Barry Blassoples Eventerprise VP of Growth, sat down with Birgit as part of a ‘Getting to know Birgit Thümecke’ Interview series.
Barry Blassoples: What I want to touch on first is just a little bit of what your experience was like in those early years. Partly of in your career in those environments and the kinds of challenges that you faced.
Birgit Thumecke: Just by my pure appearance, looks, that I’m a little bit exotic, maybe Southern Europe. By the time I entered the job market, we had a lot of foreigners in Germany from Southern Europe, maybe from Turkey or Portugal, or wherever, Southern Europe. So they always ask me, “Oh, you’re so tanned,” and stuff. And they maybe thought I was lying in the sun all day, I don’t know. Or maybe it’s because I’m from Southern Europe.
They didn’t see me as a person, a biracial person. They didn’t think that I had African roots. But I obviously shared those stories very quickly when I made friends at work because it’s something I’m really proud of.
And I think it’s more my behaviour that was different. But people were, I guess, interested in me, curious to find out more about who I really was. I didn’t feel discriminated at all.
Barry Blassoples: Sure.
Birgit Thumecke: Definitely not for my skin colour. And as my gender is concerned, yeah. I mean, I’m a woman like so many more. And in Germany, I believe most of our graduates are females, but then you don’t find them in the boardrooms of those corporate companies. And that is a problem. And that is a problem which has to be rectified.
First of all, I learned about my career. I was working on my own as a subject-matter expert in the e-learning industry, in Revenue Accounting. Later on, I had staff responsibility with British Airways, I had four or five staff members.
And obviously I’m always intrigued by people from different backgrounds. That was something instilled in me. I don’t know, I’m just…
Barry Blassoples: That’s from being the person from a different background in previous instances.
Birgit Thumecke: Yeah. My first employee, there was a Korean young woman. Then there was a German woman. Another woman, though. And later, as I was allowed to have a third person on the team, it was an Indian gentleman who lived in Germany.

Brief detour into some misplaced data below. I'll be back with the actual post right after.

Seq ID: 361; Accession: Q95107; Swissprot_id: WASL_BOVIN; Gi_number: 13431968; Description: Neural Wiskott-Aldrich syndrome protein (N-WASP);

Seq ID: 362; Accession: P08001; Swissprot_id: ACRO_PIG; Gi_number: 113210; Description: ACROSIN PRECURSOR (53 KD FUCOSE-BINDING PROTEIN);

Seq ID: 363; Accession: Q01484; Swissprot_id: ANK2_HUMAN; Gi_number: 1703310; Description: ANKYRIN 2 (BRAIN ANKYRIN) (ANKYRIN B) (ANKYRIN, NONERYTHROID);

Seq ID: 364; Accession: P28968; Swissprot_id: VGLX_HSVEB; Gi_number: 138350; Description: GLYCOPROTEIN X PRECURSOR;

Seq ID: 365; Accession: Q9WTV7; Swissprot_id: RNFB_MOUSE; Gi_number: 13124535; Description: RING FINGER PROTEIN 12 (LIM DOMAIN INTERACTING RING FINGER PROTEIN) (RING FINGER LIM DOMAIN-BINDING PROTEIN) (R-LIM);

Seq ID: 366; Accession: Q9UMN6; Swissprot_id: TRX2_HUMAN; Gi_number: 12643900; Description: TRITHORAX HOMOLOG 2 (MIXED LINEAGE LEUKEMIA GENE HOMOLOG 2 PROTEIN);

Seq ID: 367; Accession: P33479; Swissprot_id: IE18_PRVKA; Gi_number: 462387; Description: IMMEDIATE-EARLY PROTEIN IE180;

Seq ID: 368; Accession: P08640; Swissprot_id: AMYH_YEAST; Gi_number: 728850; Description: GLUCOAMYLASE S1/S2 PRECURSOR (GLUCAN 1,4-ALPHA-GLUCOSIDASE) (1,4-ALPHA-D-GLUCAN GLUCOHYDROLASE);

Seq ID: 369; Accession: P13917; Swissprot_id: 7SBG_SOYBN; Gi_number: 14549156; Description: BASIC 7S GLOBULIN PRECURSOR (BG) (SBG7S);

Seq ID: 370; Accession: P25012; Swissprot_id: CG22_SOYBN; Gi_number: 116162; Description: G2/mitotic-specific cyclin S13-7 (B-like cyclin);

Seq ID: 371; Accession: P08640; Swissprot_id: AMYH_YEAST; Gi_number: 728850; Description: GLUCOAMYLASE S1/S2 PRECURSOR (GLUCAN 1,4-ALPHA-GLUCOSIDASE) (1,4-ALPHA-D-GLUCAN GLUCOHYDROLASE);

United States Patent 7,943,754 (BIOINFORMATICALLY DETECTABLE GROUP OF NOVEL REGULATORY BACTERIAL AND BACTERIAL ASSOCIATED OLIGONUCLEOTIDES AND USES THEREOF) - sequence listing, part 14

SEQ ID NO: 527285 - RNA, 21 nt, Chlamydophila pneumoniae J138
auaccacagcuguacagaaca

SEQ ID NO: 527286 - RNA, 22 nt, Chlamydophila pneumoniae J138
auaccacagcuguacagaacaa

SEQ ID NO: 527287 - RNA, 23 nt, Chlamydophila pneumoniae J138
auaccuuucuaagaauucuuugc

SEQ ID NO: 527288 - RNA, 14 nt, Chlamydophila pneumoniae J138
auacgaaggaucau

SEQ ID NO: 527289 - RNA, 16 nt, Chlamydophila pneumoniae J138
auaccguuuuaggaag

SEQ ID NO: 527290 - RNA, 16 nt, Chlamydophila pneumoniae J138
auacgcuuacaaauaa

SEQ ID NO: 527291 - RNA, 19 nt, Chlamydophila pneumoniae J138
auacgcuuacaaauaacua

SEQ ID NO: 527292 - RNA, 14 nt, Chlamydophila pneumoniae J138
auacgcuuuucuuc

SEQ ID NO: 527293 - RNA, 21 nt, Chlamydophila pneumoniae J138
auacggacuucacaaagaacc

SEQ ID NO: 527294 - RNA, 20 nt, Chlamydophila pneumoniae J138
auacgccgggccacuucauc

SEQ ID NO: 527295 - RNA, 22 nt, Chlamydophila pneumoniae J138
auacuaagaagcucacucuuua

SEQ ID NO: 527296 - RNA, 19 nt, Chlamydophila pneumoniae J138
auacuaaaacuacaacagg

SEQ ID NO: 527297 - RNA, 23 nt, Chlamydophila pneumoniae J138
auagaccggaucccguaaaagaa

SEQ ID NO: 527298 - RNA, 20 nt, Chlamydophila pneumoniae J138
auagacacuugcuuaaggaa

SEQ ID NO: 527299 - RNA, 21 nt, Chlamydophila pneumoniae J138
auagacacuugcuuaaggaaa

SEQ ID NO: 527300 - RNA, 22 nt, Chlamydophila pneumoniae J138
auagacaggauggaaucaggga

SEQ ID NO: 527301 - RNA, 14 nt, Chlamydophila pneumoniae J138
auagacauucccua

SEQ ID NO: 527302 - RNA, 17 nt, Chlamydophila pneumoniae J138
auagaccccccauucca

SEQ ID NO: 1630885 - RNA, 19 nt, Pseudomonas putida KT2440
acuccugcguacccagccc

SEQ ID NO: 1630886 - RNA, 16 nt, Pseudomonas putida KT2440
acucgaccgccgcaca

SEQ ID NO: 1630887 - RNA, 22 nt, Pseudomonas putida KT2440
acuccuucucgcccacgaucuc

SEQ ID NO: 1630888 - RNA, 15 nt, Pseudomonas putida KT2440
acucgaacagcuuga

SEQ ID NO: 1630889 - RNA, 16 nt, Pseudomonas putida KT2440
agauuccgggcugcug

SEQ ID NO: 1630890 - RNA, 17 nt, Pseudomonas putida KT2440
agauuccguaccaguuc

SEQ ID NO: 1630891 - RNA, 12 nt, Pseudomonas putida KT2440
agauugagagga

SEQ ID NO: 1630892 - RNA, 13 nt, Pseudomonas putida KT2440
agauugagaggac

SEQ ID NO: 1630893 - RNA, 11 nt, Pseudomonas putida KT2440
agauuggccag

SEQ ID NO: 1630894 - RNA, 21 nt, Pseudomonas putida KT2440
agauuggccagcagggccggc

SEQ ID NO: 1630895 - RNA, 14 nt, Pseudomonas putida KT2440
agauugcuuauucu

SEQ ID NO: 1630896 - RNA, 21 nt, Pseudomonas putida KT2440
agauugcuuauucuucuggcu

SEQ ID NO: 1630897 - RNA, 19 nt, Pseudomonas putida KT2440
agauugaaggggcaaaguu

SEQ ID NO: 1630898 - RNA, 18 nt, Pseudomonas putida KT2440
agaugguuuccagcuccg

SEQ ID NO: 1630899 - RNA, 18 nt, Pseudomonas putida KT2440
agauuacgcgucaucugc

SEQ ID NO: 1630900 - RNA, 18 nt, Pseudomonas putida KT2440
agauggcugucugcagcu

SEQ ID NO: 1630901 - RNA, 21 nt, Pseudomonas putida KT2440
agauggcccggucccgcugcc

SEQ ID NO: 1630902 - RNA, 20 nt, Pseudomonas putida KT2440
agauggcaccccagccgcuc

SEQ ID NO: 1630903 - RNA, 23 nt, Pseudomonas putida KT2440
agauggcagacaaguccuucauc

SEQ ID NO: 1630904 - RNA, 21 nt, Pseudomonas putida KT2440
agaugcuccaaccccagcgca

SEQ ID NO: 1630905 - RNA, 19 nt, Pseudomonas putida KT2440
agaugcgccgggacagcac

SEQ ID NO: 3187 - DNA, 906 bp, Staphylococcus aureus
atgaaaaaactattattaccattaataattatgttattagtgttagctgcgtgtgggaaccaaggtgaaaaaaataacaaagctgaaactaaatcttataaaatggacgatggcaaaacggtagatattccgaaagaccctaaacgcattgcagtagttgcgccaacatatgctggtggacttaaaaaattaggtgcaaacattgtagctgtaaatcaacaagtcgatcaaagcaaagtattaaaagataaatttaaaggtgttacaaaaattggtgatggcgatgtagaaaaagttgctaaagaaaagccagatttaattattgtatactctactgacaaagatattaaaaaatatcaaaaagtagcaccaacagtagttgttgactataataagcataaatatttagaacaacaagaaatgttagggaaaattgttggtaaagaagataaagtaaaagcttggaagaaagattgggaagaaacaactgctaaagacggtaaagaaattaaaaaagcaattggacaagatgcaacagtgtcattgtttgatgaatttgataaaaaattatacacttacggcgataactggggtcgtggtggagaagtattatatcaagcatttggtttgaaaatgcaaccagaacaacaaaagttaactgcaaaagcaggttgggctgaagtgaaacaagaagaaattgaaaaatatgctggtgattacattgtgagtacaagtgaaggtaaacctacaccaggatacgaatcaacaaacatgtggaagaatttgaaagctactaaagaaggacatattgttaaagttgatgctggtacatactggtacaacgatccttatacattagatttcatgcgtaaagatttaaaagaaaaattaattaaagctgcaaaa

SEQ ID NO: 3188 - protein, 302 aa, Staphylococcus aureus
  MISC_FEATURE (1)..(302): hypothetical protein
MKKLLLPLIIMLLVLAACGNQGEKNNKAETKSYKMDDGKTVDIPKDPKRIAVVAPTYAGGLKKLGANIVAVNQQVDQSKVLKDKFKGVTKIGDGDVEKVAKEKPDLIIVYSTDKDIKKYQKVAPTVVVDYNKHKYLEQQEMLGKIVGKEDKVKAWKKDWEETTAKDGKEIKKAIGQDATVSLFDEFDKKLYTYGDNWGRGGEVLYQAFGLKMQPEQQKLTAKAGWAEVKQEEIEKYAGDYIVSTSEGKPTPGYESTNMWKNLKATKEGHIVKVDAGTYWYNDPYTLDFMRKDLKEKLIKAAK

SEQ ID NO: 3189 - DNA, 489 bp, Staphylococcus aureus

But the airline industry is also very international. So it’s not frowned upon, it’s pretty normal. But later then, when I had 15 staff to supervise, I always supported women, knowing that they, at one point in time, wanted to have children.
I think one thing that adds to the discrimination of women is the fact that eventually, they want to have children, and employers find it difficult because they lose them for a period of time, or they lose them altogether. So, although it’s politically absolutely not allowed to even ask the question in an interview situation, for example, but you can guess if a person who’s in her mid-twenties, just engaged, going to get married, and you want to fast-track that woman, that it will happen sooner or later, hopefully, if she wants to, that she becomes a mother.
Birgit Thumecke: That is obviously hindering the career trajectory. And that is also why you don’t find women in the boardroom. Because there is none to very, very little support from the system, at least I can speak for Germany.
Although it seems such an advanced country in that respect, I think there’s very little support in terms of kindergarten. It’s a German word that’s used internationally, but actually really to find a place, a spot for your child, is quite difficult. And maybe you get a place where you can have your child play with other children in the morning hours, you have to fetch the child by midday. I mean, who can perform a job within four hours. And that’s very critical. You don’t have the support systems in the families anymore because everybody’s moved to other urban places, so there’s no grandmother or mother that can look after your child.
I think the people, the educators that look after children in kindergarten are highly underpaid. And I think if you would really want more children to be born in Germany… it’s a dying nation, there should be a vested interest for them to support that you must facilitate that process, and you must help women to get out of this dilemma to have to choose between a career or a child.
And then by now, you can obviously share your maternity leave between the husband and wife. And he can take a turn and she can take a turn. That has changed and that’s a good thing. But ultimately, two people decide to get a child, if they are together. And in most cases, it’s an expectation of the female to stay at home.